Secondly, why are they claiming to have big power to raise hundreds of billions every year? I mean, that is a silly statement, Why not raise trillions by imposing 100% tax on all earnings? You will raise even more. What’s the point of this silly statement?

Thirdly, give a vital boost to the National Health Service. Very good. Why? What happened to the taxes that you already levy on us? Is that not enough? Obviously it is not enough. So why don't you boost that tax? Oh!!!!!, let me see if I understand. You do not like to boost income tax, because somebody might get pissed off enough to fly the plane into the tax building or throw out the blood sucking people out of government. There is a word for this, Stealth Tax.

Fourthly, haven't you realised that the UK public sector is already showing a debt of 56% of the GDP and could reach 93% in 4 years? Instead of taxing more, shouldn't you be thinking about reducing spending? How about the fact that more than 2/3rds of the 1.2 million extra jobs created in the UK cities were in public administration, education and health. Don't you think this is a tad top heavy? And then you want to impose a tax on savers, job creators and intermediaries to increase the number of jobs even more? Same thing applies to school funding. Oh, fight against child poverty!

Then they obviously throw in poverty and climate change as well. I think they missed out making apple pies for pensioners, helping lollipop ladies with better shiny vests and feeding nuts to squirrels!!!

And this is a highly regressive tax, which will proportionally impact the poor even more than the rich. For example, if this applies to all financial transactions, then a poor man will have to pay 1 pound in tax (for example) for every 10 quid he withdraws, versus say a 100 quid for a richer man who withdraws 1000 quid. When you are faced with the choice of eating beans on toast, then that 1 pound makes more of an impact than the 100 quid when you are eating caviar and drinking champagne. So this tax is actually going to exacerbate poverty.

Finally, if you say that taxes help improve behaviour of the banks, then why don't we start imposing taxes on government departments who do not perform? How about imposing taxes on train companies whose trains are late? How about charities who spend more than say 5% on administration and marketing? Talking about charities. Here is a list of charities who have signed up to this interesting idea. Charities are supposed to rely on the philanthropy of ordinary people. They rely on the good nature of people who contribute towards society. But this bunch of charities are asking for forcible contributions. In other words, they are demanding, under force of law, for everybody to contribute to them. This is theft!

Robin Hood, after all, was a thief and a robber. And for all his noble efforts, his thefts effectively lead to the authorities actually increasing the amount of taxes levied on the common man. In this particular case, if you increase the level of taxes, then you are in effect increasing the public sector and then you will need more taxes to support them in the end, leading to the public sector taxing itself to spend on itself, a snake eating its own tail.

Also look at the list, quite a lot of unions are in there, and most of them are public sector unions. Hmmm, very good indeed, I like the way you want me as a taxpayer to give you more money so that you can have more employees. And the churches got into the act as well, thank you for robbing us! Robin Hood also robbed the public authorities and churches who were grasping, thieving, robbing clerics. It’s nice to see that they haven't changed a wee bit. So I like how confused they are by saying that they are like Robin Hood, when they are exactly like the enemies of Robin Hood. How about charities also paying tax then on their earnings? Oh? What you get are gifts, unlike us money grabbing taxpayers who get our money after squeezing just whom? We earn our money and you are asking the government to tax us and then you will come to us again for more money. Money grubbing and theft combined with chutzpah and hypocrisy.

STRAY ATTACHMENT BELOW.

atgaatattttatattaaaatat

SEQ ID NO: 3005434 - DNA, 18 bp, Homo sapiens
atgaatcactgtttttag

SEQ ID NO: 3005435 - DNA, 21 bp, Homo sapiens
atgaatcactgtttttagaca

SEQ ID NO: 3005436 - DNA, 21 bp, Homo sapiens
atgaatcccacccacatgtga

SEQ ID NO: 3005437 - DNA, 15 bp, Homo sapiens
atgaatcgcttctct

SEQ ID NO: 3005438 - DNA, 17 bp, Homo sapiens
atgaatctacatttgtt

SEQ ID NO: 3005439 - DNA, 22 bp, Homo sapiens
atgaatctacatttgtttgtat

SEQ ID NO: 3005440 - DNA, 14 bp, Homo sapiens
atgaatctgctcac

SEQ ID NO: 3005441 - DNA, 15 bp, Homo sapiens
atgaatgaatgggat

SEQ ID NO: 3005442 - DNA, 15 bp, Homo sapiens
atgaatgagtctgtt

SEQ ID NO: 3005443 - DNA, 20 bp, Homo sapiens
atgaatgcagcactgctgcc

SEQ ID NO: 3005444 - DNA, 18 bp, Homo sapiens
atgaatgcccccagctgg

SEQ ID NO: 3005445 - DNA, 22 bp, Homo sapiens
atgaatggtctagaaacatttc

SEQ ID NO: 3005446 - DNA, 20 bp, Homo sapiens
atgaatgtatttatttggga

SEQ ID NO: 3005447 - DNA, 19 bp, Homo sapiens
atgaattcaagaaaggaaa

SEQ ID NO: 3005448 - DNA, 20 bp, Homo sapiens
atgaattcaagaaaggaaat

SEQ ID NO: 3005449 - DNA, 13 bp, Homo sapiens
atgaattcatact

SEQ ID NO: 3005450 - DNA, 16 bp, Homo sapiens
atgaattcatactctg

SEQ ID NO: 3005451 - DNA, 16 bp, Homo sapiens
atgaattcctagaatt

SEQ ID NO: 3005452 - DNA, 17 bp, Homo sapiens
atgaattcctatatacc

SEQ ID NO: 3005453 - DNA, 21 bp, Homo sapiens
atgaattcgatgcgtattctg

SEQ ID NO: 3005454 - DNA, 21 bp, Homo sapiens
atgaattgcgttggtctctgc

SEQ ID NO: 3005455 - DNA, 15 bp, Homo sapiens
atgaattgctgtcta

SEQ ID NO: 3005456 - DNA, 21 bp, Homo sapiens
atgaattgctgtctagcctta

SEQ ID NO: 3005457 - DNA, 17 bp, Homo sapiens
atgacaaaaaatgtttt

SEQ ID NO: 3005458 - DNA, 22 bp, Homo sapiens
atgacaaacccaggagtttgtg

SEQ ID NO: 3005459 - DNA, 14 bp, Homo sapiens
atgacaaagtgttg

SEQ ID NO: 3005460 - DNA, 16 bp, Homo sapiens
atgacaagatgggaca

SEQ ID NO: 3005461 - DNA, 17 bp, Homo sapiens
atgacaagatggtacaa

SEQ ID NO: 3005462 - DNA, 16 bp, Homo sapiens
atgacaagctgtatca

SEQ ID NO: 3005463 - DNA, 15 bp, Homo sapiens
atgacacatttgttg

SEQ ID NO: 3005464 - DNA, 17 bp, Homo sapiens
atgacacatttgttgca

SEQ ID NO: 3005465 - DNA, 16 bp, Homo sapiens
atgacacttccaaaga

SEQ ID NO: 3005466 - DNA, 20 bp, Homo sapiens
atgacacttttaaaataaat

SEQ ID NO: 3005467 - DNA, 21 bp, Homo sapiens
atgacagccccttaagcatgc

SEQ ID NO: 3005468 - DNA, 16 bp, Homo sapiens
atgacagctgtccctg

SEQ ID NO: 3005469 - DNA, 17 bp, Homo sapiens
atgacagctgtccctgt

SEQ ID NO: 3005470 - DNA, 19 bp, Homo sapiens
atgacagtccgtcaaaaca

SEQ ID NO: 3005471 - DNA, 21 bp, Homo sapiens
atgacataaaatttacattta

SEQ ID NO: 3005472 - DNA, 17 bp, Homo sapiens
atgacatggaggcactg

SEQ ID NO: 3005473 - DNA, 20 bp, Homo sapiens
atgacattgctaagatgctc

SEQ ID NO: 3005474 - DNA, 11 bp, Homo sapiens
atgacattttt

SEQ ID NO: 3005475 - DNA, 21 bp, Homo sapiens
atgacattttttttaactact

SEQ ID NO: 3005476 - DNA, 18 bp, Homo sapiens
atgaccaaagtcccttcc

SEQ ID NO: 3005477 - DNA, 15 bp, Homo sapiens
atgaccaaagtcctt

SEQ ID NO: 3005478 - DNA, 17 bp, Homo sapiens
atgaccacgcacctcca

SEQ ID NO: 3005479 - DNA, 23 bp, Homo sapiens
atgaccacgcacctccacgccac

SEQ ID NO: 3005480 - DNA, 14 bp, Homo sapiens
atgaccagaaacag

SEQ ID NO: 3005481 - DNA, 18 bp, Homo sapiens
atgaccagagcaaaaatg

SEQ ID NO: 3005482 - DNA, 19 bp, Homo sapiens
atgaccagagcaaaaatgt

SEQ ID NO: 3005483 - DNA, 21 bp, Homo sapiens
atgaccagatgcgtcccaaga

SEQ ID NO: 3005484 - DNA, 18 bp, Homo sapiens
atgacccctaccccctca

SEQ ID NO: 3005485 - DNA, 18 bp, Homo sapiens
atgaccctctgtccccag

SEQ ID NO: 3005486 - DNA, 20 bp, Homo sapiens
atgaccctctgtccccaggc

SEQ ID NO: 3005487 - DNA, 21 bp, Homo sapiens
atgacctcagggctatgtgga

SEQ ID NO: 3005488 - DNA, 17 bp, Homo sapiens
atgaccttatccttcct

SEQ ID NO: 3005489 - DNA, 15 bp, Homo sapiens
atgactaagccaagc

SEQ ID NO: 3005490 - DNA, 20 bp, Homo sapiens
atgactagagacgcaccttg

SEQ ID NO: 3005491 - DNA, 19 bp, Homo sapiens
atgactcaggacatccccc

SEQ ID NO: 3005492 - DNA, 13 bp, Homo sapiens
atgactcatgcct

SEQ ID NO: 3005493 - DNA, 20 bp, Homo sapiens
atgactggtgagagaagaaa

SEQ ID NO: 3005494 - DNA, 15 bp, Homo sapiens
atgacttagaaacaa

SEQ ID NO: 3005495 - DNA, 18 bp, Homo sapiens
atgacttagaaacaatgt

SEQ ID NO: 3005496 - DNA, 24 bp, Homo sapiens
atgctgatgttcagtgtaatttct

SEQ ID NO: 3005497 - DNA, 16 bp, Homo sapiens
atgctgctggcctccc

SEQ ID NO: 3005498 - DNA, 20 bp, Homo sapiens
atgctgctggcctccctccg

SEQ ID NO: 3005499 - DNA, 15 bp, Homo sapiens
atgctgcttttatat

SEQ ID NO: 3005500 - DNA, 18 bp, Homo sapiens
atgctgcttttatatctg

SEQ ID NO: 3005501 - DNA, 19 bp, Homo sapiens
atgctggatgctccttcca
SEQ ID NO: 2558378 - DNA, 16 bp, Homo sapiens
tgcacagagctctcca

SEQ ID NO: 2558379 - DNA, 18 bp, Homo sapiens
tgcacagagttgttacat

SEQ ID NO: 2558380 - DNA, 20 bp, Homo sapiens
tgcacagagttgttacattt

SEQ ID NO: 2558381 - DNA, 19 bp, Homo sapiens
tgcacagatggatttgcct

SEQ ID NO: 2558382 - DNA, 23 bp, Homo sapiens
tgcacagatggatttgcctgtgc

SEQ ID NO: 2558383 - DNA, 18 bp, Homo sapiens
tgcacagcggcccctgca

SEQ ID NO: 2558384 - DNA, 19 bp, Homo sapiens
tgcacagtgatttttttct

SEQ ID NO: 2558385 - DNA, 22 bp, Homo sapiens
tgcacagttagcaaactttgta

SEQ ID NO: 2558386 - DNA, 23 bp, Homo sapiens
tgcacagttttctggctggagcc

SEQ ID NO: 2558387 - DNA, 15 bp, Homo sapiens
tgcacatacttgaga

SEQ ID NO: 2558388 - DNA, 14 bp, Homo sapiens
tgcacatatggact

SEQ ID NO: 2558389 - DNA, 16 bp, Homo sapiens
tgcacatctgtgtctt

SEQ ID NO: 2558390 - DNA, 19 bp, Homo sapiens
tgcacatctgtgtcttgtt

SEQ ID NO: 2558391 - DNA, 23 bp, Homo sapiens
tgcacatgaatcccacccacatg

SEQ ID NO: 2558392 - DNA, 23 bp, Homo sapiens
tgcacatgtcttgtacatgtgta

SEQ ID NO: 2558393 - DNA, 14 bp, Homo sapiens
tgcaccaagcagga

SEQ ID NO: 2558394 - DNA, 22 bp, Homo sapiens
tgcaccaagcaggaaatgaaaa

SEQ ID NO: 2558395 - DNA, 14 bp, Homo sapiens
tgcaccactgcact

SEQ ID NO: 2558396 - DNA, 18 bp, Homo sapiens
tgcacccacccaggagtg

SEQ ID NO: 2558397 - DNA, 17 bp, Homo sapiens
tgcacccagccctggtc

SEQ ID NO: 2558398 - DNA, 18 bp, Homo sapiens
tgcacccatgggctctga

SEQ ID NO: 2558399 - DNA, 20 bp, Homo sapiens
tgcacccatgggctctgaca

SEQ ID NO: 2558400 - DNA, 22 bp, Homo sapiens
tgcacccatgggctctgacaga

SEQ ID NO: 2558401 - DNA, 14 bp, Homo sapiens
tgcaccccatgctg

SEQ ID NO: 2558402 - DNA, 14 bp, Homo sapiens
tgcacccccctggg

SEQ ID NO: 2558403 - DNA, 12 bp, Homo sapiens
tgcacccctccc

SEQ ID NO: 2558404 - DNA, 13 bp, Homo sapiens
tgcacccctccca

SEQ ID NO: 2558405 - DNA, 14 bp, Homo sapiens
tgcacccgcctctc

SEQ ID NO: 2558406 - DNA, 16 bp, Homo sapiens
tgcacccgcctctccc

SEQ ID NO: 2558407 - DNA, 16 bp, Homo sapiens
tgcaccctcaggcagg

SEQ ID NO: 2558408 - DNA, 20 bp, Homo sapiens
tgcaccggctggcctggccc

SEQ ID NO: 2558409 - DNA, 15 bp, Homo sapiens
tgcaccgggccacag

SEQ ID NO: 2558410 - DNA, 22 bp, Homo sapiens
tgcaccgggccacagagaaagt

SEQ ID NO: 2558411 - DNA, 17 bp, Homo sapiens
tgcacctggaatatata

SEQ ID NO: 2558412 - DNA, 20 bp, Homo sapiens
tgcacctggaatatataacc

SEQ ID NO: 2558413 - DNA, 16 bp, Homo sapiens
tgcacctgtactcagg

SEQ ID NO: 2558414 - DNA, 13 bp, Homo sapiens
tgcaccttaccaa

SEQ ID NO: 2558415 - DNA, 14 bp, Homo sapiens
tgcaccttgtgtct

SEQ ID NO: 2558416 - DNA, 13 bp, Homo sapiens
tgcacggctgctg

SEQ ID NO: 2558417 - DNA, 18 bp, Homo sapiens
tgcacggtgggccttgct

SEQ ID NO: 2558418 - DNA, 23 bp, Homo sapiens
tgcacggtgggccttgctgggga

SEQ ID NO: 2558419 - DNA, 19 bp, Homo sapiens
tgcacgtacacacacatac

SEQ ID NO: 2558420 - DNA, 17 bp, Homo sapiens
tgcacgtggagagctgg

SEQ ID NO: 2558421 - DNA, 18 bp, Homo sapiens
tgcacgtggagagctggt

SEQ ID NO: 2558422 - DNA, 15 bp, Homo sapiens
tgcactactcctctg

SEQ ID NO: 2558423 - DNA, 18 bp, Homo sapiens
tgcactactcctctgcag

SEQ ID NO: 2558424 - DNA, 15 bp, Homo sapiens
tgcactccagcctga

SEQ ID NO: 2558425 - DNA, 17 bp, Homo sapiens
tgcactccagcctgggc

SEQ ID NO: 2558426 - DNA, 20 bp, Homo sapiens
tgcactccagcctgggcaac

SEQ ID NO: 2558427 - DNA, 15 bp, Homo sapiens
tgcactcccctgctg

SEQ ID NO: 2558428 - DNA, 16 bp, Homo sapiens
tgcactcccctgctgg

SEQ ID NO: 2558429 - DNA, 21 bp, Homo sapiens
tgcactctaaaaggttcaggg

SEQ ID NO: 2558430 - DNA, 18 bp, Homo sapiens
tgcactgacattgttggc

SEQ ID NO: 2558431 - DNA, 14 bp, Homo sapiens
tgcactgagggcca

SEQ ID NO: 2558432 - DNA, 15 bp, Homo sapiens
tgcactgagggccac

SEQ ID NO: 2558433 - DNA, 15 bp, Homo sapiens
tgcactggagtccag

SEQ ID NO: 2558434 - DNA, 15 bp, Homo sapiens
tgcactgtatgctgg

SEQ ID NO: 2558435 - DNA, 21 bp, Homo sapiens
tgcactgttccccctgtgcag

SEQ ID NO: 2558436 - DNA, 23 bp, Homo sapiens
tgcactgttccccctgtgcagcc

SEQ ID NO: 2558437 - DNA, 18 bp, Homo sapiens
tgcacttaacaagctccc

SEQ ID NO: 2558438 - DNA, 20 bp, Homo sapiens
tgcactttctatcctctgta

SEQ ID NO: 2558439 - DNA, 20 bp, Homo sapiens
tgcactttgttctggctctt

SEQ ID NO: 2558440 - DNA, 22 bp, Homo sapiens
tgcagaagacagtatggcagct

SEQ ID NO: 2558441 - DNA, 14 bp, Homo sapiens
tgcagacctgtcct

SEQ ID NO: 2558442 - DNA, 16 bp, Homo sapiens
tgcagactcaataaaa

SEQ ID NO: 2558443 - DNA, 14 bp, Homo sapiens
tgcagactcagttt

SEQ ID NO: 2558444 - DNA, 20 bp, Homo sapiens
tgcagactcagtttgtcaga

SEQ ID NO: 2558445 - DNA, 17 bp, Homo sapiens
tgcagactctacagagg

Then they say this is only going to be applied to speculative banking transactions. Just how they will define speculative is unclear. Will this involve people who take out mortgages for buy to let? Or how about me taking out money from my bank account to buy shares? How about taking out money from my bank account to speculate on horses? No? Yes? What?

This really bugged me. I dont mind paying taxes because we get services in return. But to go about actively proposing taxes without making the case for it reminds me of the Boston Tea Party. And when people think that they are being unfairly taxed, they start protesting or committing suicide bombing terrorism. So here we have a campaign, they dont know what it is for, they dont know what previous tax amounts were used for, they dont know how it will be applied, they dont know what the implications will be, they dont know who will get charged, but everybody is having a big song and dance about it.

Books that influenced you as a teenager

While chatting with some friends, I asked about the list of books which they read which made a big impact on them while they were teenagers. I have one myself and thought of collecting the suggestions so that people are take a view and I can also read the ones which I missed. Thanks to all who helped :)

Here’s the list, do comment if I have missed out on anything. Seems like we do have most if not all books at home, so eldest cost centre has some reading to do. But when I asked him, he seems to have gone through about 30% of them. Lets see what he says…

    • Agony and ecstasy, Irving Stone
    • The Gita,
    • Alistair MacLean’s entire lot.
    • PG Wodehouse's entire lot,
    • Giovanni guareschi Don Camilo books
    • Ayn Rand’s lot
    • Dale Carnegie's 2 books on public speaking and influencing people,
    • Leon Uris’s Exodus and other books of his.
    • Discworld (Terry Pratchett). 
    • "The catcher in the rye",
    • "The lord of the rings". 
    • Sue Townsend's Adrian Mole series
    • Jules Verne,
    • Alexander Dumas
    • Dickens.